A Review of the Nigerian Energy Industry

ALSCON workers, natives tackle RUSAL over asset stripping

Alscon 09 August 2013, Abuja – Workers of the Aluminium Smelter Company of Nigeria, ALSCON, and Ikot Abasi community youth groups have raised the alarm over what they described as massive asset stripping in the company, which has been without a legal management since the court sacked the Russian firm, UC RUSAL, from running it.

Although UC Rusal has suspended production in the first quarter of the year, pending determination of ownership and gas supply to the firm, it has, nevertheless, continued to lay claim to ownership of ALSCON, insisting that the Supreme Court ruling of 2012 does not stop it from manning the steel firm.

While production has been halted, according to the workers, the company is engaged in systematic stripping of assets in a bid to cripple the plant and frustrate the American firm, BFIG, which the court recognised as the bonafide buyers of the firm.

The workers, under the aegis of the Metal Products Senior Staff Association of Nigeria, MPSSAN, said UC RUSAL had been dismantling and selling for cash Stem Rods and Anodes, vital components of the plant used in the manufacture of steel ingots.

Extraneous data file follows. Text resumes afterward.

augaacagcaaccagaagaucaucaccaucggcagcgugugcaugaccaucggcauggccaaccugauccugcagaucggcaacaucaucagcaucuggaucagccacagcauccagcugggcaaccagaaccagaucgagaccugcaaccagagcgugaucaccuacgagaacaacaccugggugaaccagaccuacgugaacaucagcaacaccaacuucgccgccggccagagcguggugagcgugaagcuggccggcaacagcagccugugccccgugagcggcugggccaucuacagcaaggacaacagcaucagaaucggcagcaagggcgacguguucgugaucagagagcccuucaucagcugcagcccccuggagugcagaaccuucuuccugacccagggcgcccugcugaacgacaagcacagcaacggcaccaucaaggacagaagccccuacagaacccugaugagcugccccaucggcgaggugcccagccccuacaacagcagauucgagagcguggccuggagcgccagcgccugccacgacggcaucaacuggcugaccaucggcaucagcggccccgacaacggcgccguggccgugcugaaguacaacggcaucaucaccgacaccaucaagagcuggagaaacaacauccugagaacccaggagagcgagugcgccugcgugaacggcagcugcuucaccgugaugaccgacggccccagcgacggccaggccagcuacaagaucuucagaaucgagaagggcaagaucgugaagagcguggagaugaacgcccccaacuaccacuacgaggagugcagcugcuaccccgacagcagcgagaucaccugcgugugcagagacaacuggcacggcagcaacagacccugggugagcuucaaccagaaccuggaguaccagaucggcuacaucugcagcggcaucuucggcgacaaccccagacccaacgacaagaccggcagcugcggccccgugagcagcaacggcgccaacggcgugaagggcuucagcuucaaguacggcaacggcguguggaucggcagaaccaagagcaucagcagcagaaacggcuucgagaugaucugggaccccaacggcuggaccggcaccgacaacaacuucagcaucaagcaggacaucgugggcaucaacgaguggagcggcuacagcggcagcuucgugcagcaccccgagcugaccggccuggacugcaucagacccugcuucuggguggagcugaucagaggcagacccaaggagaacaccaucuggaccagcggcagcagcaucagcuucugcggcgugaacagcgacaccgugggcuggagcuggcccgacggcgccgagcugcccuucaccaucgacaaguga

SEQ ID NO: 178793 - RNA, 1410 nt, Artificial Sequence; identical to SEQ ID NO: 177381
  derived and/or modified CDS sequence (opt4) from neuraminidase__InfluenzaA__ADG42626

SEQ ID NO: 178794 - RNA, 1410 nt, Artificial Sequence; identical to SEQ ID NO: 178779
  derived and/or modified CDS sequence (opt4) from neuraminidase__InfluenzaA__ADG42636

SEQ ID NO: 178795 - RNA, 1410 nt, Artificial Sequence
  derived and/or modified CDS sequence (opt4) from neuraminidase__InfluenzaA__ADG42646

A spokesman of the workers association told newsmen in Abuja that the Russian firm, which had failed in recent times to pay salaries to workers, was also cutting and melting the Bussbar/Risers used in transmitting electric current to the production pots for melting aluminium and selling them as ingots.

It was also gathered that about 20 fairly-used company cars are slated for immediate disposal.

The association spokesman, who pleaded that his identity be protected to avoid being victimised, said the cut Stem Rods and Anodes were often sold to some Chinese customers.

Industry experts gave the current estimated market value of the Bussbar/Risers, which have never been used since the completion of the plant in 1998, at over N1billion, while each of the about 4,200 Stem Rods and Anodes at the plant are valued at over $100,000.

The workers said the Russians, working with three top Nigerian managers in the plant, had been actively selling off core assets of the firm without rendering accounts to anyone.

An aggrieved worker said: “The Russians have put everything in place to siphon the remaining coke and alumina from the silos for sale.

“When they took over the plant in 2007, they inherited over 8,000 metric tonnes of alumina; 5,200 pieces of anode blocks; 5,820 pieces of cathode blocks; over 8,000 anode stems; over 200 tonnes of cryolite and over 170,000 tonnes of cast iron. Why they now want to sell even cast iron blocks, together with the pots, is mind boggling.”

– Soni Daniel, Vanguard

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